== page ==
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‘Three Billboards,’ ‘Handmaid’s Tale’ and ‘Star Wars'-inspired protest posters take over the streets at the second women’s march

LOS ANGELES, CA--JANUARY 20, 2018: Mary Macintyre, 25, holds an LGBTQ symbol made of flowers as more
Mary Macintyre, 25, holds an LGBTQ symbol made of flowers as more than 500,000 people participate in the Women’s March of Los Angeles.
(Maria Alejandra Cardona / Los Angeles Times)

Hundreds of thousands of people — some using familiar images from film and TV — took to the streets along with a handful of celebrities to protest President Trump on the first anniversary of his inauguration.

Several women in Austin, Texas, and Palm Beach, Fla., marched in the signature red cloaks and white bonnets from Hulu’s “The Handmaid’s Tale,” the award-winning drama set in a near future in which the U.S., amid falling birth rates, has been seized by a theocratic regime unfavorable to women’s rights.

A trio of marchers in New York evoked the confrontational spirit of the film “Three Billboards Outside Ebbing, Missouri,” carrying stark red posters with thick black typeface declaring “Misogynistic racist, installed by Putin,” “And still no impeachment?” and “How come, Speaker Ryan?”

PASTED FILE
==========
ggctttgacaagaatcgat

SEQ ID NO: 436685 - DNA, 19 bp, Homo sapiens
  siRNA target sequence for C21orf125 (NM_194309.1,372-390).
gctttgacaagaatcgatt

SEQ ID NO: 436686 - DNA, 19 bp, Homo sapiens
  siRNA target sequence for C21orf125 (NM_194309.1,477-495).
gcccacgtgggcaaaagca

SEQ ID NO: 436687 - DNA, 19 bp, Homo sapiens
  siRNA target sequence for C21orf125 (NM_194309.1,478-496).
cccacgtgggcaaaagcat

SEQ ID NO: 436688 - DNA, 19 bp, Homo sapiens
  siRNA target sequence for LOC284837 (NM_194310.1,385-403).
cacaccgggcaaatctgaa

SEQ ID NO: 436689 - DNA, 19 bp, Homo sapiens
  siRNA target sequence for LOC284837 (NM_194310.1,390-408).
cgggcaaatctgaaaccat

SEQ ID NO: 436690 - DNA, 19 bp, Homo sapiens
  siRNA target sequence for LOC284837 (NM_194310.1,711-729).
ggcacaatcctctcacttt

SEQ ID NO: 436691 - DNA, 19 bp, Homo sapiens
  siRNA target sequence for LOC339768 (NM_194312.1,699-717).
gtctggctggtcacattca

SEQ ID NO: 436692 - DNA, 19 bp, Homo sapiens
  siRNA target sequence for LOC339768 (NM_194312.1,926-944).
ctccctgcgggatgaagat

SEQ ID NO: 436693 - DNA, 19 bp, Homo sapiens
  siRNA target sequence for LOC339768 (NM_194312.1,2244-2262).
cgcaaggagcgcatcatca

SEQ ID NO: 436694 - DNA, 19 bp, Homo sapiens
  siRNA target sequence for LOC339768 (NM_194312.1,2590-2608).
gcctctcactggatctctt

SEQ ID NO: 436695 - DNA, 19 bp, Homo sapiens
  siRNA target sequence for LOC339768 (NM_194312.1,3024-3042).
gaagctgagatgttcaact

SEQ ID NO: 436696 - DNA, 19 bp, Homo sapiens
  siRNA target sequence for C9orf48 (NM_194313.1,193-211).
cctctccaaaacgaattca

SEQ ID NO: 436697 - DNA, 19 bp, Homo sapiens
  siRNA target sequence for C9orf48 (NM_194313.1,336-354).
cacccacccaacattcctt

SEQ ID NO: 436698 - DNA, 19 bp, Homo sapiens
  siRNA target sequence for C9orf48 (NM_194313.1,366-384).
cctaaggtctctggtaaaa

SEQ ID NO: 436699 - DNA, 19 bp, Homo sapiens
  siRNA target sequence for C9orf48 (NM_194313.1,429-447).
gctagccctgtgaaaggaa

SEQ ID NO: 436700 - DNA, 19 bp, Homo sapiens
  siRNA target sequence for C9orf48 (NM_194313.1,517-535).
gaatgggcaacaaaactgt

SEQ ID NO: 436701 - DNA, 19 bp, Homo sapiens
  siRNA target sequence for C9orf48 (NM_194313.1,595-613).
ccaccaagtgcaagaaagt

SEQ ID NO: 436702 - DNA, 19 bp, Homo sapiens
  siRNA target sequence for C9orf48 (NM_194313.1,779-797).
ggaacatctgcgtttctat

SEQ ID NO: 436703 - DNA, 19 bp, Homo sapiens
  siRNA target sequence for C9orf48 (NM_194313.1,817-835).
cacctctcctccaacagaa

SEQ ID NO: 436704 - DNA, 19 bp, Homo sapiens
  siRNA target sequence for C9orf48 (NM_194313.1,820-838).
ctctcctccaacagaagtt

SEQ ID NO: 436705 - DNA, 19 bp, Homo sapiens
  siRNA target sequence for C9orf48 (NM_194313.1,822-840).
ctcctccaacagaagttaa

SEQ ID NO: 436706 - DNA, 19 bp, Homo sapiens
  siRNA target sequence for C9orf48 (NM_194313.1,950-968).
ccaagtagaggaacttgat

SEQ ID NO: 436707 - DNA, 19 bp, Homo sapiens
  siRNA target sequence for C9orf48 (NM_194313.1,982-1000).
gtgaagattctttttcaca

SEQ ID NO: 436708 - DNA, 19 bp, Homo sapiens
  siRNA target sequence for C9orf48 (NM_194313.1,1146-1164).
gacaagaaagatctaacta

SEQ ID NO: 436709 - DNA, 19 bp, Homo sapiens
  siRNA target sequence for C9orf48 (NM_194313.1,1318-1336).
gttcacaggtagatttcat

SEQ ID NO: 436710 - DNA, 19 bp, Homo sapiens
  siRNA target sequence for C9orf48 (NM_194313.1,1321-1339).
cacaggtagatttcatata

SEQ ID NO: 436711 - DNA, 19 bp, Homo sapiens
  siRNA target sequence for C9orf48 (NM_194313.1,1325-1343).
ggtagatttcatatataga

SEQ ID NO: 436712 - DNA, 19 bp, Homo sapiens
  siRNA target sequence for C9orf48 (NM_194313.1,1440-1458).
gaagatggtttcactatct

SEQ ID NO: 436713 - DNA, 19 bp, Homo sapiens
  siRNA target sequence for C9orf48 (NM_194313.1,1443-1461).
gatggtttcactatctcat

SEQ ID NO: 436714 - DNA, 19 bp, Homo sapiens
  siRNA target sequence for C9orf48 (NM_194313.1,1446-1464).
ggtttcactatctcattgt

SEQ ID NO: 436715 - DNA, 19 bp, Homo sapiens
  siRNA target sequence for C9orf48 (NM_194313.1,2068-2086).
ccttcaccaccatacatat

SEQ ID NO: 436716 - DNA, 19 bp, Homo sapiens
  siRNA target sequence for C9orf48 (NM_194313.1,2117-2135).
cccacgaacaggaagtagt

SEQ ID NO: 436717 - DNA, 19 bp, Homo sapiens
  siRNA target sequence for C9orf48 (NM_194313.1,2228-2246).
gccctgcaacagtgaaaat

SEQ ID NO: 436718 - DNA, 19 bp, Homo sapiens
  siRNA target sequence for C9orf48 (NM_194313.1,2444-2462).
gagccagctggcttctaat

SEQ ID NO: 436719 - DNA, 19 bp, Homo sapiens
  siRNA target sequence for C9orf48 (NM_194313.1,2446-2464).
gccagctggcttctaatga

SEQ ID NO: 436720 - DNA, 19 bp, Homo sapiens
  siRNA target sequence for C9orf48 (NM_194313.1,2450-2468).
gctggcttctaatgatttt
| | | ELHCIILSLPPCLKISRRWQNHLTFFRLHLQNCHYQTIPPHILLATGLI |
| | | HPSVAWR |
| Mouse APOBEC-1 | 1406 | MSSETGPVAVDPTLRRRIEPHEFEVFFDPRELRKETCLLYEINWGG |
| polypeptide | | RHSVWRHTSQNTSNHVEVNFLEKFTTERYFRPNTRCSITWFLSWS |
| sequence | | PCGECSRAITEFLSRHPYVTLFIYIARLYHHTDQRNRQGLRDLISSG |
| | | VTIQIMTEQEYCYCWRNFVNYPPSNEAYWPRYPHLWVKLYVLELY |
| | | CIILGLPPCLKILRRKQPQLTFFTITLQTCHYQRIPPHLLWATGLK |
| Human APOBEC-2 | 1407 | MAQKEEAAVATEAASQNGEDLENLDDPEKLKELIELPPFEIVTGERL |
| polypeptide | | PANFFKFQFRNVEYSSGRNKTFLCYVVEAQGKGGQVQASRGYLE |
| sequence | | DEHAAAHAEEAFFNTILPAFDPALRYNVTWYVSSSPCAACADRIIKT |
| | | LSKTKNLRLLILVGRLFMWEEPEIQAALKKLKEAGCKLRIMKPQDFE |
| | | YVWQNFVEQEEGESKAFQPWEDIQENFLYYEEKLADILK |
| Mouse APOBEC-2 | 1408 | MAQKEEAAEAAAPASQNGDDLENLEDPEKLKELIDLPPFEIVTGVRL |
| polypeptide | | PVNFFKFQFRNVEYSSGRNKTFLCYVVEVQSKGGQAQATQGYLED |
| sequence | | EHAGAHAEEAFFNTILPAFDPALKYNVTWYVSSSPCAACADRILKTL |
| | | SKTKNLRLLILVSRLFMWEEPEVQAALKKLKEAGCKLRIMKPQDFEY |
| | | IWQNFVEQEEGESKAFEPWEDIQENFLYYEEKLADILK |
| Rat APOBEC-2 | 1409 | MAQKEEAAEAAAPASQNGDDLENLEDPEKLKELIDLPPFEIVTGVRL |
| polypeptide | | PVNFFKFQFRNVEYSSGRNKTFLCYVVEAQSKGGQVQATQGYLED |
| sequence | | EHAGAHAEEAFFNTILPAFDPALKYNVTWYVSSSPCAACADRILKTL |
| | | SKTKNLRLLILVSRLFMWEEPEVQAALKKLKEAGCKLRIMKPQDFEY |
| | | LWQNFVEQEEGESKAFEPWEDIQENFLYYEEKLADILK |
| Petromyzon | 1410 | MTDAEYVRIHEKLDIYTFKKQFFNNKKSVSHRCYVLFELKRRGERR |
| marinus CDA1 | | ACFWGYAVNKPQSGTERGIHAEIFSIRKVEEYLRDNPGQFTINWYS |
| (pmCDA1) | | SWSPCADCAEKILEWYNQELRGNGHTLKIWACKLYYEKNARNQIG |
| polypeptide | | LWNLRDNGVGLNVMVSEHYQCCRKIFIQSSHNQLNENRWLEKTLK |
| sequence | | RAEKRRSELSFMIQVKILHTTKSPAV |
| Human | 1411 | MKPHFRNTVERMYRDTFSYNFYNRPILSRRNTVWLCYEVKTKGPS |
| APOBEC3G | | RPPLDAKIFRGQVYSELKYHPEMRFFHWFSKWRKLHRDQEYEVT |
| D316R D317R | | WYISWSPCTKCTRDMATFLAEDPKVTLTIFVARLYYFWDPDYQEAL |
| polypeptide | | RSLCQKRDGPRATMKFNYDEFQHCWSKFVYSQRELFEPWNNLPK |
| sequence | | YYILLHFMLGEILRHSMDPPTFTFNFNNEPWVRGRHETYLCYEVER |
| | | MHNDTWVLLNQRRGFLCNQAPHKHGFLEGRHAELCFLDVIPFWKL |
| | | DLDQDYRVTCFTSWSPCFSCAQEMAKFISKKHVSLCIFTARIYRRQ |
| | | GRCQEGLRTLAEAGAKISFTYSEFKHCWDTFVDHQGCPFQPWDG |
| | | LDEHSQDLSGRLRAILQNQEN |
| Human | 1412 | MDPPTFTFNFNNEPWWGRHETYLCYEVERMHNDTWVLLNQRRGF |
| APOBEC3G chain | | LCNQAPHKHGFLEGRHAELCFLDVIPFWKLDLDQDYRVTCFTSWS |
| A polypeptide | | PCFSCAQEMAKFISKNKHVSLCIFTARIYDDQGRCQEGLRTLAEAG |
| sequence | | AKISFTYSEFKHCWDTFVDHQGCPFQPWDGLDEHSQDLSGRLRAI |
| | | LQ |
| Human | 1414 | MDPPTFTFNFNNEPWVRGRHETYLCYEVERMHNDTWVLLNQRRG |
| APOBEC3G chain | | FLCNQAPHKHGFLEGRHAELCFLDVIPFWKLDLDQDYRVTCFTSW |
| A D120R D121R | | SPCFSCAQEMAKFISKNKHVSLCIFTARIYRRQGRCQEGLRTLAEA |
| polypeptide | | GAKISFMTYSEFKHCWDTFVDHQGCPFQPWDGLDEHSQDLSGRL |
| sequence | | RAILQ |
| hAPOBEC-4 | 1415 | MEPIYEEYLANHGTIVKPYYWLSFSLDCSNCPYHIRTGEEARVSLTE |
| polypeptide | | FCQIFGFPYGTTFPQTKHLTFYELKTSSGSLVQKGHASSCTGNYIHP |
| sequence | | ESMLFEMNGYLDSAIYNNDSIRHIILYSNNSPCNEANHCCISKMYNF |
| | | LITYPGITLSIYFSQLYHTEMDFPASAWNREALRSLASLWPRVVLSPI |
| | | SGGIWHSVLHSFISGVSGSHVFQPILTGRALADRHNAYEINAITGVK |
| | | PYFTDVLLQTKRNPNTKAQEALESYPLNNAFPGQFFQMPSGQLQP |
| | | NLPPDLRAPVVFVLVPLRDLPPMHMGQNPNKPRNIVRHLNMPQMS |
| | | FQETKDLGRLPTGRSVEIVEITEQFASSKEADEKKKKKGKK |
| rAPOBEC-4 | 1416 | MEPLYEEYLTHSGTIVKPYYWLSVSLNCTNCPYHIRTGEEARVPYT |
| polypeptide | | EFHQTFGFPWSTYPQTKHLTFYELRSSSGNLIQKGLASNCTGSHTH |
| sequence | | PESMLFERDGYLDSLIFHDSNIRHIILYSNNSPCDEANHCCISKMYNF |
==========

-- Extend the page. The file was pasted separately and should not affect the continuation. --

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The character of Princess Leia played by Carrie Fisher in the “Star Wars” saga “was a frequent presence among protest posters, many of which declared “A woman’s place is in the resistance.” Other posters referenced Harry Potter, Wonder Woman, the film “Get Out” and Netflix’s anthology series “Black Mirror”; one sign read “This episode of ‘Black Mirror’ sucks.”

Josh Gad (“Frozen”) and Matt McGorry (“Orange Is the New Black”) were among protesters who marched in Los Angeles. The Chicago cast of the historical musical “Hamilton” performed at that city’s march. Actress Alyssa Milano (“Charmed”) addressed protesters in Atlanta, asking participants to look at each other.

“I want you to realize, that this, this right here, is what democracy looks like,” she said. “It doesn’t happen automatically. It demands our action and participation. It challenges us, but it also empowers us because at the end of the day, it is us.”

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At a New York rally, singer Halsey delivered a moving poem about consent and harassment.

“This was really hard for me to do but I’m glad I did it,” she said afterwards on Twitter. “This is why we rally.”

sonaiya.kelley@latimes.com

follow me on twitter @sonaiyak


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